Forecasters at the National Hurricane Center have struggled for more than a decade to issue accurate storm reports using broken equipment, an overbooked airplane fleet and tight budgets, a newspaper reported Sunday.

Key forecasting equipment used by the center has broken down or been unavailable for nearly half of the 45 hurricanes that have struck land since 1992, The Miami Herald found after an eight-month investigation.

"It's almost like we're forecasting blind," said Pablo Santos, a science officer at the National Weather Service's Miami office, which assists the hurricane center during storms. "We've never really had the equipment to do it."

Hurricane Center Director Max Mayfield and four former directors acknowledged that equipment gaps have compromised forecasts, including those for Hurricane Andrew in 1992, Erin in 1995 and Mitch in 1998.

The equipment problems include broken devices such as data- transmitting buoys, weather balloons, radar installations and ground sensors, as well as hurricane hunting airplanes that are overbooked and unavailable to fly weather-observation missions.

"We need help," Mayfield said. "We need more observation (equipment). There's no question."

National Weather Service officials cited the expense of the equipment and its maintenance. They also said there's an overlap, so if a radar installation or buoy fails, another one a few hundred miles away can help.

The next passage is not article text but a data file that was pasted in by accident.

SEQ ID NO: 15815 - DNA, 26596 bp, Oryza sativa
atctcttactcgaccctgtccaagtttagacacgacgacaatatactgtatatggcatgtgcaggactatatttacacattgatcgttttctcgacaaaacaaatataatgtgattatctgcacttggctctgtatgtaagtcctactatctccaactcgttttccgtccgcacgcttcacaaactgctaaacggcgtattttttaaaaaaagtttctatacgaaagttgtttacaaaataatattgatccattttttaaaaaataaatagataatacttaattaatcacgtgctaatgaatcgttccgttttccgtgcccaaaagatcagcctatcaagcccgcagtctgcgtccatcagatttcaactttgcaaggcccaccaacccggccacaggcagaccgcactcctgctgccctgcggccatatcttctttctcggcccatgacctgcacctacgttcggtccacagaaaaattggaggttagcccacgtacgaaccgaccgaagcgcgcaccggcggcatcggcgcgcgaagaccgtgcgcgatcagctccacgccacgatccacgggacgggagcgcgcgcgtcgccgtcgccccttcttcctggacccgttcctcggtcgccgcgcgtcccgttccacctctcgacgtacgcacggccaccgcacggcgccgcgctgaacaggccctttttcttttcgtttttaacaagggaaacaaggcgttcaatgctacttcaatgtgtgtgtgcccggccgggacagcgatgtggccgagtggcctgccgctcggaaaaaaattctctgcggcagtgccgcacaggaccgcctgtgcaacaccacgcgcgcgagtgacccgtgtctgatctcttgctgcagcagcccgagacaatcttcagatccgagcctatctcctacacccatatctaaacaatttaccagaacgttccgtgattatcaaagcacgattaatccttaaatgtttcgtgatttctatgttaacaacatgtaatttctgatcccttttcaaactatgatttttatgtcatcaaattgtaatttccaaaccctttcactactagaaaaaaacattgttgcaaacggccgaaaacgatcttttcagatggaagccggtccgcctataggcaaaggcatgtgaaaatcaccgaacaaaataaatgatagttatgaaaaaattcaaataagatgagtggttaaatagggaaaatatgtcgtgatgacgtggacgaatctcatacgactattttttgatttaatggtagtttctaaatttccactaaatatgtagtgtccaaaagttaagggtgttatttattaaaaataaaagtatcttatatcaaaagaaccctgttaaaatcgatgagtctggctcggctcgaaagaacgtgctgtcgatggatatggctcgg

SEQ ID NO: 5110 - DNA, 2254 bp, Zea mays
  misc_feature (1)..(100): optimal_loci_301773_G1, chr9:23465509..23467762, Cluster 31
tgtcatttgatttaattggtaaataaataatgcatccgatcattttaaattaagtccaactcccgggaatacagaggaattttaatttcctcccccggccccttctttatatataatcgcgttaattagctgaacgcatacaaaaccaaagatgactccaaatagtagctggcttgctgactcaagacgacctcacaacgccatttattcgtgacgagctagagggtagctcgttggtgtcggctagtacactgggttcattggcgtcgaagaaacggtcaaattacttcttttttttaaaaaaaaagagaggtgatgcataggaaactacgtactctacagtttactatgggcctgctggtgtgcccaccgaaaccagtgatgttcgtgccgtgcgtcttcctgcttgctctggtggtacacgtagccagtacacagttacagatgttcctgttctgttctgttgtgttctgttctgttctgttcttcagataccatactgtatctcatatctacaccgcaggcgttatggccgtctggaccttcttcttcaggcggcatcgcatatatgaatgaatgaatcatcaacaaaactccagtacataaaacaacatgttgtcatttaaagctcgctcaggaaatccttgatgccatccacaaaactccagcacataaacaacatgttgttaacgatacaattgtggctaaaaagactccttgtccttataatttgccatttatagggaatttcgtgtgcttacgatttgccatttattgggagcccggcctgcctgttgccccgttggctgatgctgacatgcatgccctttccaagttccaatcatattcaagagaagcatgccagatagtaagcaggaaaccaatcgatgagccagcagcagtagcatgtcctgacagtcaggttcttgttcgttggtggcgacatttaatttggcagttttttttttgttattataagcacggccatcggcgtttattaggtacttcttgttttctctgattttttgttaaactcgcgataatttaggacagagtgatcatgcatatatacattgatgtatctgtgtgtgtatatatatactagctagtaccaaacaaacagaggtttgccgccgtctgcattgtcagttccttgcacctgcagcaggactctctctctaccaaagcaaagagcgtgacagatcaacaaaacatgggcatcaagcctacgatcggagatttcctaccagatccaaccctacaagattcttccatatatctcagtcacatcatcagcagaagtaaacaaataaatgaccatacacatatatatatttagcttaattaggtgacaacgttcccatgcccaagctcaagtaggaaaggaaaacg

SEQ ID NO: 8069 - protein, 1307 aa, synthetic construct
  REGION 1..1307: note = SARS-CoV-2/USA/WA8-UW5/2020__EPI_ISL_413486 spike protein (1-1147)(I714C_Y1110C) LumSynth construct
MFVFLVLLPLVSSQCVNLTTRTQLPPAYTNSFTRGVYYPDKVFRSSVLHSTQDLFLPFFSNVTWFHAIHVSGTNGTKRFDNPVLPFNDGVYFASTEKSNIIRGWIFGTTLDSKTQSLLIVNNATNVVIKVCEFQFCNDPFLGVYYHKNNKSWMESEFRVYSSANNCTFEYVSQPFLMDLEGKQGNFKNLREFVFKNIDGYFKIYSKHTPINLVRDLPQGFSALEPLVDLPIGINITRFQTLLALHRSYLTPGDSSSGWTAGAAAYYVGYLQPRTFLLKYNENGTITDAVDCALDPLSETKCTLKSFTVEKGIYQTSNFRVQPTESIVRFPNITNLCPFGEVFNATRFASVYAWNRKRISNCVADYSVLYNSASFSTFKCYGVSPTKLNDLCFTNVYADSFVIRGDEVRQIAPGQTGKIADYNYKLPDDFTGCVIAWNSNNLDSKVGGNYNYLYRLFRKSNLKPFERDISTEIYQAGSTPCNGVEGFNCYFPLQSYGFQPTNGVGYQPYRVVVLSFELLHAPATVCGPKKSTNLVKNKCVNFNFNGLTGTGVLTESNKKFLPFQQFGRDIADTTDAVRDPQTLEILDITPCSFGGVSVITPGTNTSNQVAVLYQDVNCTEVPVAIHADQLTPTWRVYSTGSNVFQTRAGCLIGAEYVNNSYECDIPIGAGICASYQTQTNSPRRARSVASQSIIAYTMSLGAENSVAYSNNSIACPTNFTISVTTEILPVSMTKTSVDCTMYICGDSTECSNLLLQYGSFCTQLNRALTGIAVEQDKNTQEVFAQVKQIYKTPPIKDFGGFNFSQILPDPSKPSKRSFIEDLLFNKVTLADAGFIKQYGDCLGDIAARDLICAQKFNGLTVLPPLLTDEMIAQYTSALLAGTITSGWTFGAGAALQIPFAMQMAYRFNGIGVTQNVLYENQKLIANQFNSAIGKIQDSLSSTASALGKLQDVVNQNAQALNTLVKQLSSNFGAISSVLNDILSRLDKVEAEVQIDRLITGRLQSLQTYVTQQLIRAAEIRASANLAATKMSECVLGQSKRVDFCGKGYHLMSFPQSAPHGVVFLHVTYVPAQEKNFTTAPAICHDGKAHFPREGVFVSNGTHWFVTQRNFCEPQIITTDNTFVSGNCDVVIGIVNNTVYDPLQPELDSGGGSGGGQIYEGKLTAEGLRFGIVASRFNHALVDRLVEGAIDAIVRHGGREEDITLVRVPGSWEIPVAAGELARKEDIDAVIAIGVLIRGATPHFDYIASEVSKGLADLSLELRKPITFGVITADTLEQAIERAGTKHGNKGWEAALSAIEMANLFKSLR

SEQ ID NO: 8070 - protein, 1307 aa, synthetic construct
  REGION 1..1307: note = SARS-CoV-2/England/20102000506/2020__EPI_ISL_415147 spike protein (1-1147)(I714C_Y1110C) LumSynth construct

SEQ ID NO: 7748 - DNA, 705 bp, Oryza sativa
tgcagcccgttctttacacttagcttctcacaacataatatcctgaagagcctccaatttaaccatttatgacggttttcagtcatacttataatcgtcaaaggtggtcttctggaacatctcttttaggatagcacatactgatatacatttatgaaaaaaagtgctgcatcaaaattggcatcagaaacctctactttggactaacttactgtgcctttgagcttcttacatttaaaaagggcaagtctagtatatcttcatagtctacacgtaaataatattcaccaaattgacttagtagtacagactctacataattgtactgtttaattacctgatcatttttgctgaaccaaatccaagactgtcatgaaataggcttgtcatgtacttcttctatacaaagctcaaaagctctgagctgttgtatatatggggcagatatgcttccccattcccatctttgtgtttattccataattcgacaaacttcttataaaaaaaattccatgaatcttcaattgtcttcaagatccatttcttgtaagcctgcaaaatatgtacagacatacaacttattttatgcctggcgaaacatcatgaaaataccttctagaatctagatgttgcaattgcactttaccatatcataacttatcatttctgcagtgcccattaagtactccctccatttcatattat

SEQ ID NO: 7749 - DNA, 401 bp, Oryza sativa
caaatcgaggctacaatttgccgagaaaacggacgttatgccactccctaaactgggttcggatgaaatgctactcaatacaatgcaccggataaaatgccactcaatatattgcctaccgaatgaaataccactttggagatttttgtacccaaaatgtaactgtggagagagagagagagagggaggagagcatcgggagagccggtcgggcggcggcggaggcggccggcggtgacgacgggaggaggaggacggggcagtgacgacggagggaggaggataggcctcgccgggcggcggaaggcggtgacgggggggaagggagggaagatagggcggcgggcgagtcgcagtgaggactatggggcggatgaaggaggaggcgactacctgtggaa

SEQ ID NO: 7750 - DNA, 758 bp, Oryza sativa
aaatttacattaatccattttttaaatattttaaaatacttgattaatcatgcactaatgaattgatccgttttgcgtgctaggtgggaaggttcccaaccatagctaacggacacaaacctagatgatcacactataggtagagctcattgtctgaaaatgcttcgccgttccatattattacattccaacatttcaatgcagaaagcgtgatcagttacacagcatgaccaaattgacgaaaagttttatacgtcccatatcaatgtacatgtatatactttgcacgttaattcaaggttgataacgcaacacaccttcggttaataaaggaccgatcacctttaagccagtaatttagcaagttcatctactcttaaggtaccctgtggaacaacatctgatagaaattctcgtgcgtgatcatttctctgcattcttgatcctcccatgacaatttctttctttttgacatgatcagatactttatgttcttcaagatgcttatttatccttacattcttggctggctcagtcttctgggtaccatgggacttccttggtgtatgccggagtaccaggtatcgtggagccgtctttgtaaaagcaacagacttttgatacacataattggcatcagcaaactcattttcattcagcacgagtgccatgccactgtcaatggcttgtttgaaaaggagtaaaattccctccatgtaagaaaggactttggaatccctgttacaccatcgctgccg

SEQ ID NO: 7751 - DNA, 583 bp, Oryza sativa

"Could the Hurricane Center do a better job? Yes. ... But we're working within a resources-available environment," Weather Service Chief D.L. Johnson said.

After the 2004 hurricanes, Congress approved $8.8 million to fix damaged equipment, add more buoys, upgrade hurricane hunter planes and bolster research.

The Herald reviewed audits, e-mails, government databases, maintenance records, accounting reports and congressional testimony, as well as flight logs and interviews. It found:

_Data buoys have been broken for months, and weather balloons are inoperable or missing in some areas, especially in the Caribbean.

_Despite nearly $2 billion spent in the 1990s for Doppler radar installations and electronic weather sensors, they often fail during lightning and power outages in severe weather. The weather sensors shut down more than 60 times during the four hurricanes that struck Florida last year.

_The National Oceanic and Atmospheric Administration's two hurricane- hunting turboprop planes are sometimes sent on missions during hurricane season that have little to do with tropical storms. And the budget for the agency's Gulfstream jet isn't enough to fly continuous missions during storms.